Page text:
The mining archaeology research division supports projects all over the world. To ensure that the data gathered at excavations are standardized, comparable, and suitable for scientific analysis, we have developed guidelines and work processes for digital excavation and documentation technology.
GPS devices and tachymeters are used for surveying; if necessary the measurement data are supplemented with 2D or 3D scanners. Photographic documentation is carried out with digital SLR cameras, and specially adapted lenses. To photograph large spaces, we use a broad spectrum of camera supports. This ranges from a simple five-metre-long pole with a camera mount, to manned aircraft and drones. We also obtain high-resolution satellite images to visually document whole areas, and supplement the digital data with recordings from geophysical measuring instruments.
The data from the archaeological fieldwork are recorded digitally in a database while the excavation is taking place. In keeping with the high quality of the raw data, we apply modern methods of processing, visual representation and analysis.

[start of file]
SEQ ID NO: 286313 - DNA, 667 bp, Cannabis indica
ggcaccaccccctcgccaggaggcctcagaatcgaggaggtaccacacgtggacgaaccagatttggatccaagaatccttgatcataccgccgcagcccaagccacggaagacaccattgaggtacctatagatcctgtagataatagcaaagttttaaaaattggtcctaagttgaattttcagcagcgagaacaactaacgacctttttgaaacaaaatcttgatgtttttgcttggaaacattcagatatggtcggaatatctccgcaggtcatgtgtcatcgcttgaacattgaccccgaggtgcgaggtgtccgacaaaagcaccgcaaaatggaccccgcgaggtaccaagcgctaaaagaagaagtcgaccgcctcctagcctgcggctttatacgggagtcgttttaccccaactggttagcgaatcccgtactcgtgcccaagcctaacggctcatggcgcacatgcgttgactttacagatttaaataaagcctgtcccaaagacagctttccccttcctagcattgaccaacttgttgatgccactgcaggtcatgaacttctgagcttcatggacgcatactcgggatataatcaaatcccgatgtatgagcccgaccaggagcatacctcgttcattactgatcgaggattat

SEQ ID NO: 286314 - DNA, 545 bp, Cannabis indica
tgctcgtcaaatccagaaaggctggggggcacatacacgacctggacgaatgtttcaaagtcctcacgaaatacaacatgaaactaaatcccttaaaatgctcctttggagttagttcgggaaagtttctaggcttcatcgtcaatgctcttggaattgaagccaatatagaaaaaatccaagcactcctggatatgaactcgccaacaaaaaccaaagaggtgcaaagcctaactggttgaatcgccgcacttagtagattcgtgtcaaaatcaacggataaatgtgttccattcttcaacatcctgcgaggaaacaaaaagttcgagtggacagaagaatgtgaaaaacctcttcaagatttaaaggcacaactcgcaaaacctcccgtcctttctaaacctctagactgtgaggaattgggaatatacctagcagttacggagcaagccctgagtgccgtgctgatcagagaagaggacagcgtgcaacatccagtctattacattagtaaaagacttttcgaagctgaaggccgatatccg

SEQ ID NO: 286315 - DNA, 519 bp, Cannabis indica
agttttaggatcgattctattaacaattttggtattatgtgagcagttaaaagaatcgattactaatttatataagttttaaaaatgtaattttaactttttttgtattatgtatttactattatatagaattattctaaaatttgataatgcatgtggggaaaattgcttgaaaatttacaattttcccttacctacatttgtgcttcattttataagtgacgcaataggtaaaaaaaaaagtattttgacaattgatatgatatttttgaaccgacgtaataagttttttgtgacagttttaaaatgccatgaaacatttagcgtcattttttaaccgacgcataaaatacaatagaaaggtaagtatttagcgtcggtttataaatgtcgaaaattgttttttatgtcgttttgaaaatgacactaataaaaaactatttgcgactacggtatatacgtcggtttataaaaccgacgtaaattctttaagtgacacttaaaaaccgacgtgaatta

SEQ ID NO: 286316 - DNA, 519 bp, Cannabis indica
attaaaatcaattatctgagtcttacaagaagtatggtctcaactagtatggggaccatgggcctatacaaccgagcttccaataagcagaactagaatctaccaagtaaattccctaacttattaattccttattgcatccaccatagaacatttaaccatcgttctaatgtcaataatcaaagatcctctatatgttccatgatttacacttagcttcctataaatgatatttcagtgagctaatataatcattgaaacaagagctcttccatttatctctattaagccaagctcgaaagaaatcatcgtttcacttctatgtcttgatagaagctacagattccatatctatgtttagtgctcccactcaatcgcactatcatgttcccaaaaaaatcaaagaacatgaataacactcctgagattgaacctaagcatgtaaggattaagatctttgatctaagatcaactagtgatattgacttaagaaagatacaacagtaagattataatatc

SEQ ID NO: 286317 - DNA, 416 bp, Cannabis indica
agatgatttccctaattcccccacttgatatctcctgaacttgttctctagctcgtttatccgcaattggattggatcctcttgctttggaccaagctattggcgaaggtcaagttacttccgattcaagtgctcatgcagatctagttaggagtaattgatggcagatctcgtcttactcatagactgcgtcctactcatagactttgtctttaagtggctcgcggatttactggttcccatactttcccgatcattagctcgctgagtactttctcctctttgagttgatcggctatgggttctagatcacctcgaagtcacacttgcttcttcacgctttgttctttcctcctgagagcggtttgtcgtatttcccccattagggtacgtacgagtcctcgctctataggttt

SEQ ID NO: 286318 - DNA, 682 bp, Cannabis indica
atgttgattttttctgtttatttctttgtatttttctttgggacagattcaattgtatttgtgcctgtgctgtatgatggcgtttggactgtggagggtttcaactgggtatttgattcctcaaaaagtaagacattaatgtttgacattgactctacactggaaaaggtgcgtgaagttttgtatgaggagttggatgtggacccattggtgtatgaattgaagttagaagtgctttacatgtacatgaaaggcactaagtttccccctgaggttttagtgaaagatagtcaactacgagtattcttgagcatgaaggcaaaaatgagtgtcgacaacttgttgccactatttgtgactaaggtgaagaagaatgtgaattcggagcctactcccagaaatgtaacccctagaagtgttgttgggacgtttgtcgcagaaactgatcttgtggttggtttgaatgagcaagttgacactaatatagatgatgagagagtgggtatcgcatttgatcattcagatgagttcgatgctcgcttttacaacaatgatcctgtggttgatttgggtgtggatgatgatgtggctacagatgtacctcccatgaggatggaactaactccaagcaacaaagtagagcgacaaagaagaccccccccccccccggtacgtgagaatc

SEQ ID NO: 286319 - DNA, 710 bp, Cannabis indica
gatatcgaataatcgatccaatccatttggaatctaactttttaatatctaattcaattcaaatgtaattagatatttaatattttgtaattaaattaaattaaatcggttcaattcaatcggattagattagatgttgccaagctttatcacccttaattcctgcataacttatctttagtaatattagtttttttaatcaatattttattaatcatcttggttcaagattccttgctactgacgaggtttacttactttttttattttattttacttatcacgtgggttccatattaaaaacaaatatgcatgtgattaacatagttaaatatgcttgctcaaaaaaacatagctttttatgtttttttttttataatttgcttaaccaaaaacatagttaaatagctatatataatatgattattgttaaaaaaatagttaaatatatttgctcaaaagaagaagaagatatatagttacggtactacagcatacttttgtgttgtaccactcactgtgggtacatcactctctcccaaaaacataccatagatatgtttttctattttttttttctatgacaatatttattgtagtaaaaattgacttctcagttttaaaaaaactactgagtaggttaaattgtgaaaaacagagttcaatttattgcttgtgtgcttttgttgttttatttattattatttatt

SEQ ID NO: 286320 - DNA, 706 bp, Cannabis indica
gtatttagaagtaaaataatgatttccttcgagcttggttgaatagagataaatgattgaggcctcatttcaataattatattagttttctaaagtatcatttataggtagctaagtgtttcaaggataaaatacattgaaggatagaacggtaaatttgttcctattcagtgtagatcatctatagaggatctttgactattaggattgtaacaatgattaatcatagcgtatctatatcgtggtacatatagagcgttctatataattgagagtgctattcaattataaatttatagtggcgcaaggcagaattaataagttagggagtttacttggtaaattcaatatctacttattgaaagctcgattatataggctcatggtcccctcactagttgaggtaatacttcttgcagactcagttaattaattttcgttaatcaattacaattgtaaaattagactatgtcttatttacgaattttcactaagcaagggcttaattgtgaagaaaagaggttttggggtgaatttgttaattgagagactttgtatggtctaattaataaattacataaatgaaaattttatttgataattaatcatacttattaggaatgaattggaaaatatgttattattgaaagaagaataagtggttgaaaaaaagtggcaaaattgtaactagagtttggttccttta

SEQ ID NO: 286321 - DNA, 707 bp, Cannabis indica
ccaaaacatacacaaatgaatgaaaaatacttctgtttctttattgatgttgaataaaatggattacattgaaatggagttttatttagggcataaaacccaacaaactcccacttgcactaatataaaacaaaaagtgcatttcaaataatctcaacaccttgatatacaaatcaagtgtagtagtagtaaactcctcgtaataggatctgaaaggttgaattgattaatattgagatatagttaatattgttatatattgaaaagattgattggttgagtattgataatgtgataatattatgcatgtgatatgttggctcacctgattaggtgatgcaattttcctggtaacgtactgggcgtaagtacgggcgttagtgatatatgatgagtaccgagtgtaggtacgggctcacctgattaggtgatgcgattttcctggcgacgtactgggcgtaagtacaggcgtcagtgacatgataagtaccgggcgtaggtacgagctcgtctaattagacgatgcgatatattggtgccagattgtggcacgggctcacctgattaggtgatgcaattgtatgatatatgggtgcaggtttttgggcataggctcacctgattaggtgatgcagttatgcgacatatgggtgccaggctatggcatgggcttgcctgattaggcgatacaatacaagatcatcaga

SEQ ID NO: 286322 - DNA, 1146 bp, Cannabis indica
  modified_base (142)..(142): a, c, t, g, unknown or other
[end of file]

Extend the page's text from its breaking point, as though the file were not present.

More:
In excavations of historic mines, the focus in underground areas is on cavity surveying and the graphic representation of the results. For the above-ground areas, photogrammetric image analysis is becoming increasingly important, especially for the documentation of outlines and sections. The photomaps, which are often produced while the excavation is still underway, are used to interpret the findings and as a basis for further maps in CAD and GIS systems. All the information is then consolidated at GIS workstations, to ensure that it is placed in a comprehensive and analysable context.
Documentation of underground cavities